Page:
8

Formulas and Calculations

8.

Annular Velocity (AV)

Annular velocity (AV), ft/min Formula 1 AV = pump output, bbl/min ÷ annular capacity, bbl/ft Example: pump output = 12.6 bbl/min annular capacity = 0.126 1 bbl/ft AV = 12.6 bbl/min ÷ 0.1261 bbl/ft AV = 99.92 ft/mm

Formula 2 AV, ft/mm = 24.5 x Q. Dh2 — Dp2 where Q = circulation rate, gpm, Dh = inside diameter of casing or hole size, in. Dp = outside diameter of pipe, tubing or collars, in. Example: pump output = 530 gpm hole size = 12-1/4th. pipe OD = 4-1/2 in. AV = 24.5 x 530 12.252 — 452 AV = 12,985 129.8125 AV = 100 ft/mm

Formula 3 AV, ft/min = PO, bbl/min x 1029.4 Dh2 — Dp2 Example: pump output = 12.6 bbl/min hole size = 12-1/4 in. AV = 12.6 bbl/min x 1029.4 12.252 — 452 AV = 12970.44 129.8125 AV = 99.92 ft/mm

Annular velocity (AV), ft/sec AV, ft/sec =17.16 x PO, bbl/min Dh2 — Dp2

9

pipe OD = 4-1/2 in.

Formulas and Calculations

Example: pump output = 12.6 bbl/min hole size = 12-1/4 in. pipe OD = 4-1/2 in. AV = 17.16 x 12.6 bbl/min 12.252 — 452 AV = 216.216 129.8125 AV = 1.6656 ft/sec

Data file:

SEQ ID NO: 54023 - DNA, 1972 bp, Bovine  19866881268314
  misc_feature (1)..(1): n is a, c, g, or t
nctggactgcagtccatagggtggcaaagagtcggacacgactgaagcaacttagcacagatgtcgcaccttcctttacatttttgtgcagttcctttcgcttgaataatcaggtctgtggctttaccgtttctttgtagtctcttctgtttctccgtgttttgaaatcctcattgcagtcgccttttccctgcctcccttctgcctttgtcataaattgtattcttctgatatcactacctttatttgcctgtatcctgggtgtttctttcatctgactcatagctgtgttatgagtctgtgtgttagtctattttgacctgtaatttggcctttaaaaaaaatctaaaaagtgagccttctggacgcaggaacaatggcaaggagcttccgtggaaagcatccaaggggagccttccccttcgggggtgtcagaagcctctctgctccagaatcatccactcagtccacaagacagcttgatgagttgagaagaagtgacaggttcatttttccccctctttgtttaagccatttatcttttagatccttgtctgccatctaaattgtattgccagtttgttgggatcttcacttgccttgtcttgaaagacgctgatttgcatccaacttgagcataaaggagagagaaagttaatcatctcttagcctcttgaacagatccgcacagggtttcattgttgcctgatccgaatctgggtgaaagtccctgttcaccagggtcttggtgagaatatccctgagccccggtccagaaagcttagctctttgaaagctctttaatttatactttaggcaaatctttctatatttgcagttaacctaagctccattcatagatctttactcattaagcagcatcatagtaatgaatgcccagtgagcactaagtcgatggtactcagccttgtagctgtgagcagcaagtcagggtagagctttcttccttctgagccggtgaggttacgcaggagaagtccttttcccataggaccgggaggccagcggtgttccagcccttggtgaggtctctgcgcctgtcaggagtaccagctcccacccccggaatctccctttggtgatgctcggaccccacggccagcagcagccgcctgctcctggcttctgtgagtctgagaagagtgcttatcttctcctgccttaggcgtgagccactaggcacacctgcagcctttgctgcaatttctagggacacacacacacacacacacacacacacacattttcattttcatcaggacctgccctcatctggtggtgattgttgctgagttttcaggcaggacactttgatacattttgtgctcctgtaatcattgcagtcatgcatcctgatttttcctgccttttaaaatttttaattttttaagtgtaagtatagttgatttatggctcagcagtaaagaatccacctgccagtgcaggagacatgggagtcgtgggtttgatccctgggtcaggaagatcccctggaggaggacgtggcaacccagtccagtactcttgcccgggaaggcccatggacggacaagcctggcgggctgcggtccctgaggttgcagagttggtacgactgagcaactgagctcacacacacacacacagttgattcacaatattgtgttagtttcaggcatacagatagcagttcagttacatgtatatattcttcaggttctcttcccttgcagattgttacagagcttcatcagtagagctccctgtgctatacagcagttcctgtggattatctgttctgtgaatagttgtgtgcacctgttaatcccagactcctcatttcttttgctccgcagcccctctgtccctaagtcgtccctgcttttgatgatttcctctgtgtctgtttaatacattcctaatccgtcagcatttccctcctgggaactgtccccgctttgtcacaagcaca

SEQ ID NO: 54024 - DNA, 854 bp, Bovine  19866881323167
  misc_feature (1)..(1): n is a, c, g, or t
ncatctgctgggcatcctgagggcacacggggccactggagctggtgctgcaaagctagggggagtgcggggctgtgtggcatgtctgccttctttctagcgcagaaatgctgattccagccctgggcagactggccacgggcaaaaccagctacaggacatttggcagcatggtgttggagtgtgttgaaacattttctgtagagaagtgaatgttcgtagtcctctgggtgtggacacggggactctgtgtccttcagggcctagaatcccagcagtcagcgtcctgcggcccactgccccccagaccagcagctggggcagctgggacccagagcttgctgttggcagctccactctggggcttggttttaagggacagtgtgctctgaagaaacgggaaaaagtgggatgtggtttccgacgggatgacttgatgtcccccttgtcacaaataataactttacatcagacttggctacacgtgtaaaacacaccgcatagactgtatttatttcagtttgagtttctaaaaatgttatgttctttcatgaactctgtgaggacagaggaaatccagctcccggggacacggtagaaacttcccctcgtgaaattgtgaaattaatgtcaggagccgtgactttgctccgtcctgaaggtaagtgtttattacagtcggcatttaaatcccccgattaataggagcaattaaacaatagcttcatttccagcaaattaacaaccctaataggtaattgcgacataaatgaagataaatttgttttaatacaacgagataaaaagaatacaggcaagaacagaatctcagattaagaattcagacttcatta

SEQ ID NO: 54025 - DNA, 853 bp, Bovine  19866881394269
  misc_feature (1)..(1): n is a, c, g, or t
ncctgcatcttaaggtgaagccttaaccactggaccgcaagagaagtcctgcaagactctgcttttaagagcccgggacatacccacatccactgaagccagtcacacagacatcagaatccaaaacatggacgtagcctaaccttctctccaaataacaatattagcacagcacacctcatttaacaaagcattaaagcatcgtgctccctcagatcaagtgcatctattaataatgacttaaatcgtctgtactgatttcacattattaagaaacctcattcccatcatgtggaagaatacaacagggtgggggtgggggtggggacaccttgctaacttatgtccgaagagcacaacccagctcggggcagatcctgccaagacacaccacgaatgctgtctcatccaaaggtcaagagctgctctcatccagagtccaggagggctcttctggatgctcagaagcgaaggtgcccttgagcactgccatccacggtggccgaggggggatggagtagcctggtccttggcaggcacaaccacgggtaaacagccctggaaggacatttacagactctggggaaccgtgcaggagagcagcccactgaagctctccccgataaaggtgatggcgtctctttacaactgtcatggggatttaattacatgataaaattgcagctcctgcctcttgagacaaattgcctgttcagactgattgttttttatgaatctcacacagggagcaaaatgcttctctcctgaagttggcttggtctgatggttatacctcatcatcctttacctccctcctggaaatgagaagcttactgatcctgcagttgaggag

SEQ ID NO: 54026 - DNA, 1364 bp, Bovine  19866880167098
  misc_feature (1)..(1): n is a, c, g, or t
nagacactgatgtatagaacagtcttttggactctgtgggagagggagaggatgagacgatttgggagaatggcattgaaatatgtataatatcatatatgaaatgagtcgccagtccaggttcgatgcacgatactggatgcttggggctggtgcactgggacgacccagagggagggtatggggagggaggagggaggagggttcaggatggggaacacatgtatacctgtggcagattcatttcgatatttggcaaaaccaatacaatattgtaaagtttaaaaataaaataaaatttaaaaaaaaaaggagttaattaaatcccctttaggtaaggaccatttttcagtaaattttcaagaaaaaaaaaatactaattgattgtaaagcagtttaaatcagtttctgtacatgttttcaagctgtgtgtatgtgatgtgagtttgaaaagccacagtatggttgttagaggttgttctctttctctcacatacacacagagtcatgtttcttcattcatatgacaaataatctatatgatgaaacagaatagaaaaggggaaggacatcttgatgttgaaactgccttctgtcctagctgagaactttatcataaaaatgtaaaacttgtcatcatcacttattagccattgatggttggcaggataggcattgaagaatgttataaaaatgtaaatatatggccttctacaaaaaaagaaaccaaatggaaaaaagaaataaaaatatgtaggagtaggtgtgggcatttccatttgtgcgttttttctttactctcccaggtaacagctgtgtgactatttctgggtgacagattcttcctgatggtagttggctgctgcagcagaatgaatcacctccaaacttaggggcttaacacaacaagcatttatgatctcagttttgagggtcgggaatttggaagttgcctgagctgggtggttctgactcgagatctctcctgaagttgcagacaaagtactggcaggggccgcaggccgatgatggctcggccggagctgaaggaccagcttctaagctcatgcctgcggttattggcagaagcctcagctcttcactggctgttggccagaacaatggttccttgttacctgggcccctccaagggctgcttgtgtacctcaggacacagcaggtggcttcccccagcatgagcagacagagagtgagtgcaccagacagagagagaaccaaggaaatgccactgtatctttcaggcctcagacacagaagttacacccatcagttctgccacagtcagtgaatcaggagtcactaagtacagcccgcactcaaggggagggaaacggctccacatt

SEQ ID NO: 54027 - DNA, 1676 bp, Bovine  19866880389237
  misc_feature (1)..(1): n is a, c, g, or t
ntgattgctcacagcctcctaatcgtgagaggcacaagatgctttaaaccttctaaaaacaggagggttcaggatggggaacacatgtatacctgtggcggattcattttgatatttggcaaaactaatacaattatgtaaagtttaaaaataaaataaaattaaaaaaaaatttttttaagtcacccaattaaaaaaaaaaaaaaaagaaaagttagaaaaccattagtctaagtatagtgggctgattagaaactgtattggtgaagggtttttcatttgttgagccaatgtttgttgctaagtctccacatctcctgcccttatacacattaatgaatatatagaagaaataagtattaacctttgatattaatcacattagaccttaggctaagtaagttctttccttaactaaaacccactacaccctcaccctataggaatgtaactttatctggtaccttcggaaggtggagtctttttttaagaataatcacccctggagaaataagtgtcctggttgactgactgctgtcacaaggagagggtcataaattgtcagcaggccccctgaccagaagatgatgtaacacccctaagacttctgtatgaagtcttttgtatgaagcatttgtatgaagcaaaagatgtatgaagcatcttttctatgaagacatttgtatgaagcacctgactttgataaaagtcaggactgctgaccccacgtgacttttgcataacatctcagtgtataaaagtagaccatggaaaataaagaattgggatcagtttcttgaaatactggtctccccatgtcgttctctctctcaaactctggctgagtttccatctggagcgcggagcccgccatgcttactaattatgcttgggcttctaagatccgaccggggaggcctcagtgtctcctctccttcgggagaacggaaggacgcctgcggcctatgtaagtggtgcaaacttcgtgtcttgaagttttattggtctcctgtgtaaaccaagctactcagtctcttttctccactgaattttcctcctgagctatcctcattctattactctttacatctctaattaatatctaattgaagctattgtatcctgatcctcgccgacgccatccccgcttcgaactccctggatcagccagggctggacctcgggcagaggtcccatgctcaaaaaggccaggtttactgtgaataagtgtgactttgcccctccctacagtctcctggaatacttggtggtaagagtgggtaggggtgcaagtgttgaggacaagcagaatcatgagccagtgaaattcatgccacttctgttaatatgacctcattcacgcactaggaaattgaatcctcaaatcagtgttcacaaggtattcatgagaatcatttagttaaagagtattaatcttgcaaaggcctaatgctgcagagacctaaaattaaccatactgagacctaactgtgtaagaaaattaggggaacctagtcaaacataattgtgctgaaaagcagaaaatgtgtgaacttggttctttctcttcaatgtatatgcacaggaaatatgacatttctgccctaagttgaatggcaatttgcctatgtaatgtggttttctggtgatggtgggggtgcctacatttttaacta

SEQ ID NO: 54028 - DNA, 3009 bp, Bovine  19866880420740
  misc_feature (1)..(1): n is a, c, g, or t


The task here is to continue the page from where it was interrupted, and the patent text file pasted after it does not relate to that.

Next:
Pump output, gpm, required for a desired annular velocity, ft/mm Pump output, gpm = AV, ft/mm (Dh2 — DP2) 24 5 where AV = desired annular velocity, ft/min Dh = inside diameter of casing or hole size, in. Dp = outside diameter of pipe, tubing or collars, in. Example: desired annular velocity = 120 ft/mm pipe OD = 4-1/2 in.

hole size = 12-1/4 in

PO = 120 (12.252 — 452) 24.5 PO = 120 x 129.8125 24.5 PO = 15577.5 24.5 PO = 635.8 gpm

Strokes per minute (SPM) required for a given annular velocity SPM = annular velocity, ft/mm x annular capacity, bbl/ft pump output, bbl/stk Example. annular velocity = 120 ft/min annular capacity = 0.1261 bbl/ft Dh = 12-1/4 in. Dp = 4-1/2 in. pump output = 0.136 bbl/stk SPM = 120 ft/mm x 0.1261 bbl/ft 0.136 bbl/stk SPM = 15.132 0.136 SPM = 111.3

10

Formulas and Calculations

9.

Capacity Formulas

Annular capacity between casing or hole and drill pipe, tubing, or casing a) Annular capacity, bbl/ft = Dh2 — Dp2 1029.4 Example: Hole size (Dh)

= 12-1/4 in.

Drill pipe OD (Dp) = 5.0 in.

Annular capacity, bbl/ft = 12.252 — 5.02 1029.4 Annular capacity = 0.12149 bbl/ft

b) Annular capacity, ft/bbl = 1029.4 (Dh2 — Dp2) Example: Hole size (Dh)

= 12-1/4 in.

Drill pipe OD (Dp) = 5.0 in.

Annular capacity, ft/bbl = 1029.4 (12.252 — 5.02) Annular capacity = 8.23 ft/bbl c) Annular capacity, gal/ft = Dh2 — Dp2 24.51 Example:

Hole size (Dh) = 12-1/4 in.

Drill pipe OD (Dp) = 5.0 in.

Annular capacity, gal/ft = 12.252 — 5.02 24.51 Annular capacity = 5.1 gal/ft